Getting to Know the Higgs Boson

CMS experiment confirms predicted Higgs boson decay into leptons

11-Jun-2014 - Germany

Researchers of the international CMS collaboration have found the first experimental evidence for the decay of the recently discovered Higgs boson into a pair of tau leptons. Leptons are a class of elementary particles whose most prominent member is the electron. The study, which used data from the world’s largest particle accelerator LHC (Large Hadron Collider, CERN, Switzerland), validates earlier theoretical predictions of the Higgs boson’s properties. The team, which also comprises DESY scientists, reported its results in the Journal of High Energy Physics.


Collision event recorded with the CMS detector at the LHC (CERN, Switzerland). The event contains a candidate for a Higgs boson decay into a pair of tau leptons. Like Higgs bosons, tau leptons are too short-lived to be detected directly and their production is inferred from the decay products. One of the tau leptons decays into another set of leptons: a muon, represented by the red line extending to the left, and two undetectable neutrinos. The other tau particle decays into hadrons, shown as the two large blue towers at the bottom.

In 2012, the LHC experiments CMS and ATLAS announced the discovery of a new fundamental particle, which turned out to be the long sought-after Higgs boson. As the key to why elementary particles have specific masses, it was the last missing piece of the Standard Model – the current gold standard for the theoretical description of the properties of all known particles and their interactions.

“The discovery was a big milestone for physics,” says Rainer Mankel, staff scientist in DESY’s CMS group and co-author of the new study. “Yet, we are continuing to analyze the Higgs boson’s properties in detail in order to find out if they match our theoretical expectations.”

One way of doing so is to measure its decays into other fundamental particles as predicted by the Standard Model. The initial CMS and ATLAS analyses concentrated on decays into particles known as gauge bosons – the carrier particles of the fundamental forces. “These decays have clear signatures,” says Mankel. “They stick out of the background and are rather easy to identify.”

Other predicted decays, such as into leptons, are more challenging to observe because they are obscured by an overwhelming background signal. Nevertheless, researchers must measure them in order to fully characterize the newly found Higgs boson. “If we didn’t observe these decays, we would know that something does not match up with our theoretical tools,” explains co-author Alexei Raspereza from DESY’s CMS group.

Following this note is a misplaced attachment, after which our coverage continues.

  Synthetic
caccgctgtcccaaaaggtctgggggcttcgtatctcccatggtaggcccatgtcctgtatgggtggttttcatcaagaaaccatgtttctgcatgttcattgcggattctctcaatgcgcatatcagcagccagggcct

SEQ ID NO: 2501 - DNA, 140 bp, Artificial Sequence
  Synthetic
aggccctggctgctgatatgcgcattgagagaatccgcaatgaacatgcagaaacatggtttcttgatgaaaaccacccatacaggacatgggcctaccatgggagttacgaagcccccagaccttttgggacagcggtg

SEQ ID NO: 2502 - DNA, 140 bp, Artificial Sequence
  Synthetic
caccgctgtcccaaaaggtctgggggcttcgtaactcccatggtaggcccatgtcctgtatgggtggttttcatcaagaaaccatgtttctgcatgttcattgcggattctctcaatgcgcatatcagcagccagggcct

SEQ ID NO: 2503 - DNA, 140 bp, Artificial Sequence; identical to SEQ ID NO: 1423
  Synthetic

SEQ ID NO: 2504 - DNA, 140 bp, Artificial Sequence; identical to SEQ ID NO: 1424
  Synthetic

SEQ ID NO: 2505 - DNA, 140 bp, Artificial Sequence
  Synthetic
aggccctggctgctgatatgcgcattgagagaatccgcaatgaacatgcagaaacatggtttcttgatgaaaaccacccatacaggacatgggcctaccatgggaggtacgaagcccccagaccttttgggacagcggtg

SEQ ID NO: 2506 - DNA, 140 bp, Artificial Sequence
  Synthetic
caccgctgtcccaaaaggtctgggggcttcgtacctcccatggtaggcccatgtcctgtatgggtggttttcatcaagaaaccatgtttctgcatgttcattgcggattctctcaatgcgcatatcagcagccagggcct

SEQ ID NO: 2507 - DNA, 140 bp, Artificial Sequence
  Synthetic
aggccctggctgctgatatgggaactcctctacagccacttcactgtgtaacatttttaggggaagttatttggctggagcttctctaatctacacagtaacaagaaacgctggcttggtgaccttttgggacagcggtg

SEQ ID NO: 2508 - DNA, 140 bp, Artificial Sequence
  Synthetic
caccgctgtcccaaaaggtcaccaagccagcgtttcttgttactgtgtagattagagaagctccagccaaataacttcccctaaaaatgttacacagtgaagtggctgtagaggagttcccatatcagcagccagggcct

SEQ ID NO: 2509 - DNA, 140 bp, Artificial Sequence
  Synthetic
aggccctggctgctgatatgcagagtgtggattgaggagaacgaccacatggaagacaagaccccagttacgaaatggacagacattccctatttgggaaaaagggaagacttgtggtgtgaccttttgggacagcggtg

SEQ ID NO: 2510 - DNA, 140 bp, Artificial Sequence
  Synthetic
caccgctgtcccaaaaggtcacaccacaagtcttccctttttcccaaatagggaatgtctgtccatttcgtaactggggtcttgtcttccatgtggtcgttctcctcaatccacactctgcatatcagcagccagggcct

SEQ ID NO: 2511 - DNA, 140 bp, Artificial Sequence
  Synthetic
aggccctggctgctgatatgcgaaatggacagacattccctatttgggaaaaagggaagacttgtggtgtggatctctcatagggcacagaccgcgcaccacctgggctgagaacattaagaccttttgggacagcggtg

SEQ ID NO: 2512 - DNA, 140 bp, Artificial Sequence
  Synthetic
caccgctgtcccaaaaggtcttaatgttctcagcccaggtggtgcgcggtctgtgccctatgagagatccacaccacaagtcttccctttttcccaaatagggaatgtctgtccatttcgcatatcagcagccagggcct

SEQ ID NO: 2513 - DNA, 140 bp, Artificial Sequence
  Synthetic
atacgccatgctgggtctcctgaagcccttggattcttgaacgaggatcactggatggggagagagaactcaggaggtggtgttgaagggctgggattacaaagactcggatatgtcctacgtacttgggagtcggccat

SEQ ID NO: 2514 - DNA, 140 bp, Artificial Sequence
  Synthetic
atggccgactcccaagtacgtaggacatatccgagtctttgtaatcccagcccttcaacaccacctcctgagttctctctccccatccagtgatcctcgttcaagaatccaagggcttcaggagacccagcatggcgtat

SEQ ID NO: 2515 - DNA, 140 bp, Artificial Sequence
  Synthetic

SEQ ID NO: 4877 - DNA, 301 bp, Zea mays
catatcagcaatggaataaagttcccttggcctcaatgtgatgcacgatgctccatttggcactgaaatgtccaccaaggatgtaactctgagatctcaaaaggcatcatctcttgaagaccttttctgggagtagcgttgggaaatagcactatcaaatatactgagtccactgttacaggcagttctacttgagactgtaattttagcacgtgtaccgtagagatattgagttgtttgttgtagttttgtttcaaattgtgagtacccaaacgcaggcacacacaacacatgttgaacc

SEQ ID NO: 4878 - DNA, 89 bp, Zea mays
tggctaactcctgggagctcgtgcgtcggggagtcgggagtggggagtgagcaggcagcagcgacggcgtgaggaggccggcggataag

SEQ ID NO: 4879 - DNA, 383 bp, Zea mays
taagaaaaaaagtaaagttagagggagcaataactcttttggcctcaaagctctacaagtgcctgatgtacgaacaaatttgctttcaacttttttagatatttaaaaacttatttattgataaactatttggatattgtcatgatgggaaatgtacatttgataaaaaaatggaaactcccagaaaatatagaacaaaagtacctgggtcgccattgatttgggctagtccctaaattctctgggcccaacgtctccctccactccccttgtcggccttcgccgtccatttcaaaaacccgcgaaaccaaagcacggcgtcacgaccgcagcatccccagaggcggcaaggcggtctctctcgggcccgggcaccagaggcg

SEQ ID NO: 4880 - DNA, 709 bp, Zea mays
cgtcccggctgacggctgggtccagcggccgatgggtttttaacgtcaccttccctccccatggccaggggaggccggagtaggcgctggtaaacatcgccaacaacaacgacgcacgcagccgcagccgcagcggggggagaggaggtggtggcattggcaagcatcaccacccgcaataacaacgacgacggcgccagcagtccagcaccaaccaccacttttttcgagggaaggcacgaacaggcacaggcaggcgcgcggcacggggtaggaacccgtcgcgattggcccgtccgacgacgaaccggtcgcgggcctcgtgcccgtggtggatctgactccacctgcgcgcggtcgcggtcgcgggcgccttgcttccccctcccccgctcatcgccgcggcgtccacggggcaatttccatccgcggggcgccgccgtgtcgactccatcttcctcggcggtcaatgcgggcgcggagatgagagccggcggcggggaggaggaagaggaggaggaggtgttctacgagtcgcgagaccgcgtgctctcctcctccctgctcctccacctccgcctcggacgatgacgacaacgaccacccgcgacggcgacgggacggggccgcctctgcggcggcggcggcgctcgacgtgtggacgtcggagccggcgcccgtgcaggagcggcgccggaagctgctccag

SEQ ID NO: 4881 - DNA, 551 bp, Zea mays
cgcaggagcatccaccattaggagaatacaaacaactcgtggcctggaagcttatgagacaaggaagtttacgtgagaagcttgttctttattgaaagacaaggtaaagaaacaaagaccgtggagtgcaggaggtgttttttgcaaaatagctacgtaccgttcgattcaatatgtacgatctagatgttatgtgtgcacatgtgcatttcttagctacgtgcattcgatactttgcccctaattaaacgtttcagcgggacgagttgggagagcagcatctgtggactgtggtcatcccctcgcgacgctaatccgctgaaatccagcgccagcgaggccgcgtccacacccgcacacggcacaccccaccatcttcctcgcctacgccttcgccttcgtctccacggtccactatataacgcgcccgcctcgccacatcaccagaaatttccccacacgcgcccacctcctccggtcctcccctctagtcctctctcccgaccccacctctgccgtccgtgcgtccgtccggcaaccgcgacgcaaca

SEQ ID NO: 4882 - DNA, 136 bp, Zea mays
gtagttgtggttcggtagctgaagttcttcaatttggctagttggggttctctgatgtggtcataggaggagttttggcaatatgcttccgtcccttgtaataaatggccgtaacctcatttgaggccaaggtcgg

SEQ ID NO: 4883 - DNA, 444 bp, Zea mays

Higgs Boson Decay into Tau Leptons

In the recent study, the CMS researchers were now able to confirm for the first time that the Higgs boson does indeed decay into leptons. By analyzing data of the 2011 and 2012 runs of LHC, which produces Higgs bosons in powerful proton-proton collisions, the team determined that a fraction of the short-lived Higgs particles decayed into pairs of tau leptons – particles that have similar properties as electrons but are almost 3,500 times as heavy. The results were independently confirmed by the ATLAS experiment.

“Our result is a crucial validation of the Standard Model,” Raspereza points out. “It proves experimentally that the Higgs particle not only decays into bosons as previously observed but also into fermions.” Physicists categorize particles as either fermions, which include leptons, or bosons, depending on their spin.

For their study, the CMS team had to overcome a series of challenges. First, they developed elaborate methods to properly distinguish signal from background processes. Moreover, tau leptons are too short-lived to be detected directly and decay in many ways. To further complicate things, the Higgs boson can be produced in various processes, demanding that the researchers include a multitude of different production and decay paths in a difficult analysis. Finally, the large number of LHC collision events itself posed a challenge. In 2011 and 2012 combined, the CMS detector recorded almost ten billion events but only a minuscule fraction is due to Higgs boson decays into tau leptons. Therefore, the scientists had to develop criteria to efficiently select the few hundred events used in the analysis.

Search for New Physics

The CMS studies of Higgs boson decays into fermions serve a greater purpose than merely confirming the current theoretical gold standard. They may also hint at new phenomena. “Nature is richer than our imagination, and there are theories that extend the Standard Model,” says Raspereza. A theoretical concept called supersymmetry, for instance, proposes that every elementary particle of the Standard Model has a superpartner. Some of these hypothetical particles could potentially help explain why only an estimated five percent of the universe is composed of known particles while the rest is filled with mysterious dark matter and dark energy whose nature is unknown to man.

Supersymmetry predicts that the recently discovered Higgs particle is actually only one of several Higgs bosons. Additional Higgs bosons would then manifest themselves in events involving, for example, three bottom quarks. Quarks and leptons are the elementary fermions. “At CMS, we developed criteria to specifically select these proposed event signatures already during data collection,” Mankel says. “This puts us in a unique position to search for additional Higgs bosons and new physics beyond the Standard Model.”

As of now, the CMS team has not found any supersymmetric particles, but the search is only in the beginning stages. “Supersymmetry is a theory with many unknown parameters,” says Raspereza. “The results obtained so far establish constraints on these parameters, narrowing our search and guiding the development of future models.”

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